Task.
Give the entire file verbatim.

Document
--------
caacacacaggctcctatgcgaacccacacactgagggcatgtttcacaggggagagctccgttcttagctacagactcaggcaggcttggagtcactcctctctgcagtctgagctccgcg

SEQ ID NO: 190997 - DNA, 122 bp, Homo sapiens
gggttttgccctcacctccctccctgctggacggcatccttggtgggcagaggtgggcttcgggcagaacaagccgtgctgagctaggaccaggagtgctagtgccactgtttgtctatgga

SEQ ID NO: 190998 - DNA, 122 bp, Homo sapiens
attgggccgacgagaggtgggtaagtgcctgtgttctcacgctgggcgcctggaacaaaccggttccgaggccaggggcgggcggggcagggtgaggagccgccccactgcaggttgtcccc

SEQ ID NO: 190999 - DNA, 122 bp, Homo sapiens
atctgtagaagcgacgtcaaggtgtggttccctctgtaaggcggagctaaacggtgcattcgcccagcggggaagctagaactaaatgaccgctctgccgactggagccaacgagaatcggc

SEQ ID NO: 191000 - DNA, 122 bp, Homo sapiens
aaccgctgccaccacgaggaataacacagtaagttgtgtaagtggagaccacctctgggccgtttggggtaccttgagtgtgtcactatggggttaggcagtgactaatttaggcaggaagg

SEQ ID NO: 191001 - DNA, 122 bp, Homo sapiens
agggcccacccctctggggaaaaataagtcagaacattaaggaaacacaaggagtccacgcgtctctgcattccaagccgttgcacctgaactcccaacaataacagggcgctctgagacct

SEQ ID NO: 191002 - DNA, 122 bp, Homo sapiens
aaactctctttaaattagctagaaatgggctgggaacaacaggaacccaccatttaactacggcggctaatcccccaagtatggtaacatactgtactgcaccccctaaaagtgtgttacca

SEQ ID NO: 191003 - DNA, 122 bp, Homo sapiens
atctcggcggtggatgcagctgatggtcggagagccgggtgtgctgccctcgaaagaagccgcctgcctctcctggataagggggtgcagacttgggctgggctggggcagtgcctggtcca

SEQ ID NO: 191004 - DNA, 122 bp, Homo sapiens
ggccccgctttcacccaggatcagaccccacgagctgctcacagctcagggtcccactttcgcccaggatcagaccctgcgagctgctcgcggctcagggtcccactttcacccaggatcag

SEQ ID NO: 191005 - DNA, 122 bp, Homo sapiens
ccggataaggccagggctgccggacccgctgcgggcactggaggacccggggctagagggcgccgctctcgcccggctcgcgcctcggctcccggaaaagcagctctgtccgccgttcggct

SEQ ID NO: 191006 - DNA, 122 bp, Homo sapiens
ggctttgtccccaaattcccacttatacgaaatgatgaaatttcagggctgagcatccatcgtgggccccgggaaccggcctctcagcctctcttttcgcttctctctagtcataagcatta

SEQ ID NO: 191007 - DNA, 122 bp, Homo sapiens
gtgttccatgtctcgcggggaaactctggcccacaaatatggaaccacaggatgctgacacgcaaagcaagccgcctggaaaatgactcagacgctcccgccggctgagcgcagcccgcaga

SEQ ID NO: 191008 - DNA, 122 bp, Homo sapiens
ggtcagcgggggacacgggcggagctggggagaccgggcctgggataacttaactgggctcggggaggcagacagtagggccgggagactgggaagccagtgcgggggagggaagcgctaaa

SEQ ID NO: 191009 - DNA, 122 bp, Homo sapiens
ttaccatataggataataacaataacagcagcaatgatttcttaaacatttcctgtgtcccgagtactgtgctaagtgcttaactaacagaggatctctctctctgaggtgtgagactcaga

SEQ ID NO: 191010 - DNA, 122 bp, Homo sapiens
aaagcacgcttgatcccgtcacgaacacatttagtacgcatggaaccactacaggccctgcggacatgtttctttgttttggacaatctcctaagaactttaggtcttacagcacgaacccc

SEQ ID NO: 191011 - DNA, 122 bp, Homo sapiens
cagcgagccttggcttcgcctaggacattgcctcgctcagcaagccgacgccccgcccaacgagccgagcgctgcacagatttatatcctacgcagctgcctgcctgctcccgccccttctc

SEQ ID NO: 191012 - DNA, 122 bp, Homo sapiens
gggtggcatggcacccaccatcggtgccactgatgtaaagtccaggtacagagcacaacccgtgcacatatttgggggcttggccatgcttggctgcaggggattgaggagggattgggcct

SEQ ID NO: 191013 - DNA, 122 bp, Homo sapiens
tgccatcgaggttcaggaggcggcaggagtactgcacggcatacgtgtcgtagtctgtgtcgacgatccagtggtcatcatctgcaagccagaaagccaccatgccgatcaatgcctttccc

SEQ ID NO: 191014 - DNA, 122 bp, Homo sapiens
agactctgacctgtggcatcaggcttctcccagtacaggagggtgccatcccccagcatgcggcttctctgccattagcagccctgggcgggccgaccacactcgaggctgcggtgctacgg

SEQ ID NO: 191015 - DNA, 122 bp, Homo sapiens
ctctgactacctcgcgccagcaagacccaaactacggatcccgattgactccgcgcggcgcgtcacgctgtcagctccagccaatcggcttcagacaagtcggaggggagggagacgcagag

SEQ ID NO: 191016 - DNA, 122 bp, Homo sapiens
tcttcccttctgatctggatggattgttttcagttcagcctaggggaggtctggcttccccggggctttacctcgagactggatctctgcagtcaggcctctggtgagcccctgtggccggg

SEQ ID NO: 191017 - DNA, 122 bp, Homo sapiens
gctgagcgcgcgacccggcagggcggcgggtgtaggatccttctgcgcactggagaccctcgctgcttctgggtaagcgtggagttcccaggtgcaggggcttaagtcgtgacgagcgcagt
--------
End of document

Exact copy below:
caacacacaggctcctatgcgaacccacacactgagggcatgtttcacaggggagagctccgttcttagctacagactcaggcaggcttggagtcactcctctctgcagtctgagctccgcg

SEQ ID NO: 190997 - DNA, 122 bp, Homo sapiens
gggttttgccctcacctccctccctgctggacggcatccttggtgggcagaggtgggcttcgggcagaacaagccgtgctgagctaggaccaggagtgctagtgccactgtttgtctatgga

SEQ ID NO: 190998 - DNA, 122 bp, Homo sapiens
attgggccgacgagaggtgggtaagtgcctgtgttctcacgctgggcgcctggaacaaaccggttccgaggccaggggcgggcggggcagggtgaggagccgccccactgcaggttgtcccc

SEQ ID NO: 190999 - DNA, 122 bp, Homo sapiens
atctgtagaagcgacgtcaaggtgtggttccctctgtaaggcggagctaaacggtgcattcgcccagcggggaagctagaactaaatgaccgctctgccgactggagccaacgagaatcggc

SEQ ID NO: 191000 - DNA, 122 bp, Homo sapiens
aaccgctgccaccacgaggaataacacagtaagttgtgtaagtggagaccacctctgggccgtttggggtaccttgagtgtgtcactatggggttaggcagtgactaatttaggcaggaagg

SEQ ID NO: 191001 - DNA, 122 bp, Homo sapiens
agggcccacccctctggggaaaaataagtcagaacattaaggaaacacaaggagtccacgcgtctctgcattccaagccgttgcacctgaactcccaacaataacagggcgctctgagacct

SEQ ID NO: 191002 - DNA, 122 bp, Homo sapiens
aaactctctttaaattagctagaaatgggctgggaacaacaggaacccaccatttaactacggcggctaatcccccaagtatggtaacatactgtactgcaccccctaaaagtgtgttacca

SEQ ID NO: 191003 - DNA, 122 bp, Homo sapiens
atctcggcggtggatgcagctgatggtcggagagccgggtgtgctgccctcgaaagaagccgcctgcctctcctggataagggggtgcagacttgggctgggctggggcagtgcctggtcca

SEQ ID NO: 191004 - DNA, 122 bp, Homo sapiens
ggccccgctttcacccaggatcagaccccacgagctgctcacagctcagggtcccactttcgcccaggatcagaccctgcgagctgctcgcggctcagggtcccactttcacccaggatcag

SEQ ID NO: 191005 - DNA, 122 bp, Homo sapiens
ccggataaggccagggctgccggacccgctgcgggcactggaggacccggggctagagggcgccgctctcgcccggctcgcgcctcggctcccggaaaagcagctctgtccgccgttcggct

SEQ ID NO: 191006 - DNA, 122 bp, Homo sapiens
ggctttgtccccaaattcccacttatacgaaatgatgaaatttcagggctgagcatccatcgtgggccccgggaaccggcctctcagcctctcttttcgcttctctctagtcataagcatta

SEQ ID NO: 191007 - DNA, 122 bp, Homo sapiens
gtgttccatgtctcgcggggaaactctggcccacaaatatggaaccacaggatgctgacacgcaaagcaagccgcctggaaaatgactcagacgctcccgccggctgagcgcagcccgcaga

SEQ ID NO: 191008 - DNA, 122 bp, Homo sapiens
ggtcagcgggggacacgggcggagctggggagaccgggcctgggataacttaactgggctcggggaggcagacagtagggccgggagactgggaagccagtgcgggggagggaagcgctaaa

SEQ ID NO: 191009 - DNA, 122 bp, Homo sapiens
ttaccatataggataataacaataacagcagcaatgatttcttaaacatttcctgtgtcccgagtactgtgctaagtgcttaactaacagaggatctctctctctgaggtgtgagactcaga

SEQ ID NO: 191010 - DNA, 122 bp, Homo sapiens
aaagcacgcttgatcccgtcacgaacacatttagtacgcatggaaccactacaggccctgcggacatgtttctttgttttggacaatctcctaagaactttaggtcttacagcacgaacccc

SEQ ID NO: 191011 - DNA, 122 bp, Homo sapiens
cagcgagccttggcttcgcctaggacattgcctcgctcagcaagccgacgccccgcccaacgagccgagcgctgcacagatttatatcctacgcagctgcctgcctgctcccgccccttctc

SEQ ID NO: 191012 - DNA, 122 bp, Homo sapiens
gggtggcatggcacccaccatcggtgccactgatgtaaagtccaggtacagagcacaacccgtgcacatatttgggggcttggccatgcttggctgcaggggattgaggagggattgggcct

SEQ ID NO: 191013 - DNA, 122 bp, Homo sapiens
tgccatcgaggttcaggaggcggcaggagtactgcacggcatacgtgtcgtagtctgtgtcgacgatccagtggtcatcatctgcaagccagaaagccaccatgccgatcaatgcctttccc

SEQ ID NO: 191014 - DNA, 122 bp, Homo sapiens
agactctgacctgtggcatcaggcttctcccagtacaggagggtgccatcccccagcatgcggcttctctgccattagcagccctgggcgggccgaccacactcgaggctgcggtgctacgg

SEQ ID NO: 191015 - DNA, 122 bp, Homo sapiens
ctctgactacctcgcgccagcaagacccaaactacggatcccgattgactccgcgcggcgcgtcacgctgtcagctccagccaatcggcttcagacaagtcggaggggagggagacgcagag

SEQ ID NO: 191016 - DNA, 122 bp, Homo sapiens
tcttcccttctgatctggatggattgttttcagttcagcctaggggaggtctggcttccccggggctttacctcgagactggatctctgcagtcaggcctctggtgagcccctgtggccggg

SEQ ID NO: 191017 - DNA, 122 bp, Homo sapiens
gctgagcgcgcgacccggcagggcggcgggtgtaggatccttctgcgcactggagaccctcgctgcttctgggtaagcgtggagttcccaggtgcaggggcttaagtcgtgacgagcgcagt